#SailingWCMiami – A second in Saturday's medal race gave Ireland's Annalise Murphy seventh overall at Miami Olympic classes regatta, the first International Sailing Federation (ISAF) World Cup regatta of 2015.
The Laser radial class was won by Denmark's Anne Marie Rindom. Second was Belgian Evi Van Acker with World number one Marit Boumeester of Holland third. The Irish Times has more on this HERE.
In spite of a 12-crew team in Florida, Murphy was the only Irish interest in the ten class medal race finale. Although two of three Irish Laser men made the gold fleet neither Belfast's James Espey or Dublin's Finn Lynch made the top ten medal race cut.
In fast form in 15-knots, Murphy led the race for the first lap only to lose out on a rare medal race victory to local helms woman Paige Railey, a former world champion, on the leg to the finish.
A medal race second - counting double points - was nevertheless a significant comeback for Murphy who had put together a string of top three results earlier this week to place second overall after six races on Wednesday. A change of fortune, however, saw her counting three results in the 30s in the second half of the series, dropping her to tenth overall in the 79-boat fleet on Friday.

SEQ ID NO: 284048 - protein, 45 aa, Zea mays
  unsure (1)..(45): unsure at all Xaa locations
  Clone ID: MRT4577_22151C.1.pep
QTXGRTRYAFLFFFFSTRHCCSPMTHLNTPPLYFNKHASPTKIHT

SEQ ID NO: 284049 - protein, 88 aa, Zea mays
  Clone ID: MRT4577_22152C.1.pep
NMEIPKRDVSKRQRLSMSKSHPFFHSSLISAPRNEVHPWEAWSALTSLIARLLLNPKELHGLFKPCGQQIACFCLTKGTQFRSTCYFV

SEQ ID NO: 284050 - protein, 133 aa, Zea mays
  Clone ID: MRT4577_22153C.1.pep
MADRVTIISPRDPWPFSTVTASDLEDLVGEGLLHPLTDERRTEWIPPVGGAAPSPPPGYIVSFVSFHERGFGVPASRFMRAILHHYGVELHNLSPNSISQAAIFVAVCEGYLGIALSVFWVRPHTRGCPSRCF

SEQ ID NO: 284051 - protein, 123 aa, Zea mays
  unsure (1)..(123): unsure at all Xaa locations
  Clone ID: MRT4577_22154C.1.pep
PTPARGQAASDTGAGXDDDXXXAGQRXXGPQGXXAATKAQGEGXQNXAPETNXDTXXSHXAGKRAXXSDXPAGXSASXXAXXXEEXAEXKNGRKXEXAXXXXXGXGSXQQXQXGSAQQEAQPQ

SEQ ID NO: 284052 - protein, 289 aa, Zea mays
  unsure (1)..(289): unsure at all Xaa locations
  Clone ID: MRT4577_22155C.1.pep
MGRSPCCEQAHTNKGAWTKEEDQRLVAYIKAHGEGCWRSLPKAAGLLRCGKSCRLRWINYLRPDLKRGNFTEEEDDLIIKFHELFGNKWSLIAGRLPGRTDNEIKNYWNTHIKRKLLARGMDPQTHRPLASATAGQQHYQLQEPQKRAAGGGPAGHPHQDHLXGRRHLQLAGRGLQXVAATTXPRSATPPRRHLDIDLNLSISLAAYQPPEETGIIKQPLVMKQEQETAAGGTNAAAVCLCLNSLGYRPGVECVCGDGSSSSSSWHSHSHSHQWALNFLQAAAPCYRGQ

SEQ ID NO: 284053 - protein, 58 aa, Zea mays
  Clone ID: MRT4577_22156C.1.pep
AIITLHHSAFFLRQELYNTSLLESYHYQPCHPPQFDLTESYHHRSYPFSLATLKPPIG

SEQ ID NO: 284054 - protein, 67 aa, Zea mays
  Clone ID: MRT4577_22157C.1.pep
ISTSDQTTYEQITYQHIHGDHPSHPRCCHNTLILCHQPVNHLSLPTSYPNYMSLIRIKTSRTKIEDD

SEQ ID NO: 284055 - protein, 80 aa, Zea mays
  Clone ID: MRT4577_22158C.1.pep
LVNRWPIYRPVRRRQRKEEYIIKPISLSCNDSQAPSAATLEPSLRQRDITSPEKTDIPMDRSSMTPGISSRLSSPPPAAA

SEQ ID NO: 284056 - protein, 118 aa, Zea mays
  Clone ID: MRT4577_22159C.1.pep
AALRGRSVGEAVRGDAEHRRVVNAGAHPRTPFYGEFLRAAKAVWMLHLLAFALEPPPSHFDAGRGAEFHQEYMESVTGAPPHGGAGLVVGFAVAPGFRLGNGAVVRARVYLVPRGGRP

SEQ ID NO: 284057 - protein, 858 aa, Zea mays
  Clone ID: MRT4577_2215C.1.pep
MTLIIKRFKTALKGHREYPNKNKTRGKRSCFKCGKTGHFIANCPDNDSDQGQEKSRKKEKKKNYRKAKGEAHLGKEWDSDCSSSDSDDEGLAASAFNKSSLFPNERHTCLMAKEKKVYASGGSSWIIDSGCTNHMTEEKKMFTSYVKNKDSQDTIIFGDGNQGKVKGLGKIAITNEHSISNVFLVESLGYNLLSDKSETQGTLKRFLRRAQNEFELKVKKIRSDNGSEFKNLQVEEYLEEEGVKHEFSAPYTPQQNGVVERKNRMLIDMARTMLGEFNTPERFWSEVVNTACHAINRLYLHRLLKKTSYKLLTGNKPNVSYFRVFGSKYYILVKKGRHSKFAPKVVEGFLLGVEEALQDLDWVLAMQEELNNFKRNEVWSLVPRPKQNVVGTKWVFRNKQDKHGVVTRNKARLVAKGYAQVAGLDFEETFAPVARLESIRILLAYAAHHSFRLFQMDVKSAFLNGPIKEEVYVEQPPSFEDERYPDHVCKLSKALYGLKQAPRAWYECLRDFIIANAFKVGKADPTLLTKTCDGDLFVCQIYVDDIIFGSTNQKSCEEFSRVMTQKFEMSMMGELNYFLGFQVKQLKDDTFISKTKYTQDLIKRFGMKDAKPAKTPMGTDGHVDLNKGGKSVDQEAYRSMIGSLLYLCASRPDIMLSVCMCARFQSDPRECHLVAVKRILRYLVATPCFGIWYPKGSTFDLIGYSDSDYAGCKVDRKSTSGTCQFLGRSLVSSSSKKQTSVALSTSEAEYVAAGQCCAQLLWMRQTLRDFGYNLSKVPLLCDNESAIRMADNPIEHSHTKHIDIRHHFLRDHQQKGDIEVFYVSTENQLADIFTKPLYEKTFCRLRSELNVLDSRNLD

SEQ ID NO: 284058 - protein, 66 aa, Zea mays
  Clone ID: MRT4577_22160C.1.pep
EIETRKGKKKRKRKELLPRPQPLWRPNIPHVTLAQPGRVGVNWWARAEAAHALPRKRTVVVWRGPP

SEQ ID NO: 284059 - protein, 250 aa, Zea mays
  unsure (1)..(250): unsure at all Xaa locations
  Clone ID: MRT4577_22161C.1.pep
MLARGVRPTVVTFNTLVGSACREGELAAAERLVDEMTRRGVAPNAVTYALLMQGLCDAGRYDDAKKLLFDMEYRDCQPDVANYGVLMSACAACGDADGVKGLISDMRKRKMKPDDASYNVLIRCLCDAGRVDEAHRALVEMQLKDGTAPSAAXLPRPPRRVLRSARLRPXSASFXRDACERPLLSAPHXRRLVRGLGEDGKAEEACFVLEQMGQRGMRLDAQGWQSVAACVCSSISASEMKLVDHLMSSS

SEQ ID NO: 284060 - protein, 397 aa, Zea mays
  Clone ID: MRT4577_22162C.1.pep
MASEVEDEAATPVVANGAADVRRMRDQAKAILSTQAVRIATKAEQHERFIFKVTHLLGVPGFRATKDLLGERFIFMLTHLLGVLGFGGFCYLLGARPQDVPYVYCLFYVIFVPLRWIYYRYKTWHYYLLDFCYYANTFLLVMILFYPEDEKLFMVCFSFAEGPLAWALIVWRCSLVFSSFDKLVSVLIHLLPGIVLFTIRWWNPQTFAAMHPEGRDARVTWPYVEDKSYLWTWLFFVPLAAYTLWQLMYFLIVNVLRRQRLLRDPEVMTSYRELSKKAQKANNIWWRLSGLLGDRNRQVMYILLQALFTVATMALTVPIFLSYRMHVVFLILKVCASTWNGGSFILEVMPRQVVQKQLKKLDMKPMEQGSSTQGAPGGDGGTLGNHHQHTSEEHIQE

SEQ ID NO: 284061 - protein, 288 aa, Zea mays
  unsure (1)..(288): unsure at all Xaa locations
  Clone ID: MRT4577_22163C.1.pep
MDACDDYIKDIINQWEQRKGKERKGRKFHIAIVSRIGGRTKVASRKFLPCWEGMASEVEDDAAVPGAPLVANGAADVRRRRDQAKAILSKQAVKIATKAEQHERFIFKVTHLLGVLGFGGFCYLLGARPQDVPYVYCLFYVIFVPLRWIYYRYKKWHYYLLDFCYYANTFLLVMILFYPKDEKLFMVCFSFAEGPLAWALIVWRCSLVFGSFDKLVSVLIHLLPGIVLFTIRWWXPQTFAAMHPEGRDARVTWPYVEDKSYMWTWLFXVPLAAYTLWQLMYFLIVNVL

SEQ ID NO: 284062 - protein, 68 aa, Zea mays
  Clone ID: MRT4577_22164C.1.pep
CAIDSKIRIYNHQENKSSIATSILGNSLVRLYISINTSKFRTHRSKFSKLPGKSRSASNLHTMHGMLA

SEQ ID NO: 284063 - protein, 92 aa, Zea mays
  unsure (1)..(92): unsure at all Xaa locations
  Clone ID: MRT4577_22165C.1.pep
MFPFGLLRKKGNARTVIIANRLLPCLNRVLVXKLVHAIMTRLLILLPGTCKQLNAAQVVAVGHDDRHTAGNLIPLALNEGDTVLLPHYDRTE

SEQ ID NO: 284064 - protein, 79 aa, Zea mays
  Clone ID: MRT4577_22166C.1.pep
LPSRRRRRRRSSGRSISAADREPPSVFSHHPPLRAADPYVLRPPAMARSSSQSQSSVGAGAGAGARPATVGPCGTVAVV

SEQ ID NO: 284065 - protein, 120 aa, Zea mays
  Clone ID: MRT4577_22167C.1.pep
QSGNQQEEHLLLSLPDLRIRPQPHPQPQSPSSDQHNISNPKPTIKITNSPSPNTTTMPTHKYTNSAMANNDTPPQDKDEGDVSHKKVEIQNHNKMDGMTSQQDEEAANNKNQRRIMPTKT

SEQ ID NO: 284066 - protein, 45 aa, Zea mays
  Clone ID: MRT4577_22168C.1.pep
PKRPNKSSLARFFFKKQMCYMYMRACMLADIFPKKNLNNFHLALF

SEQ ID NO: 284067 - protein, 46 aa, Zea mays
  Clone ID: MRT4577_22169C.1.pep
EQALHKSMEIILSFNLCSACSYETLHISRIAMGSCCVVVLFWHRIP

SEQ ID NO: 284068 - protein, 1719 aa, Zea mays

It was a week of superlatives. Think 678 sailors, 599 boats, 150 races for ten Olympic classes and three Paralympic classes. At the ISAF Sailing World Cup Miami, presented by Sunbrella, we talked of "a racecourse built out of shifts." We spoke of competitive performances that exceeded any comparison to walking a tightrope. Dancing on a tightrope would be more to the point.
This truly is the road to the Olympics.
Every aspiring Olympic sailor takes a shot at this ISAF series that travels to the far corners of the world, qualifying gold medal winners and top continent finishers to race at the finale that follows the five-race series. The next competition will take place at Hyères, France April 20-26. The finale will take place late in 2015 at Abu Dhabi, U.A.E. It's a mini-Olympics for sailors only. You won't see faces in Rio, 2016, that you didn't see on the road to Rio, this road. You won't see racing that is any more competitive. No, just sailors hardened in this crucible, playing for the highest stakes.
This is the proving ground. And as one winner put it, on to the next one.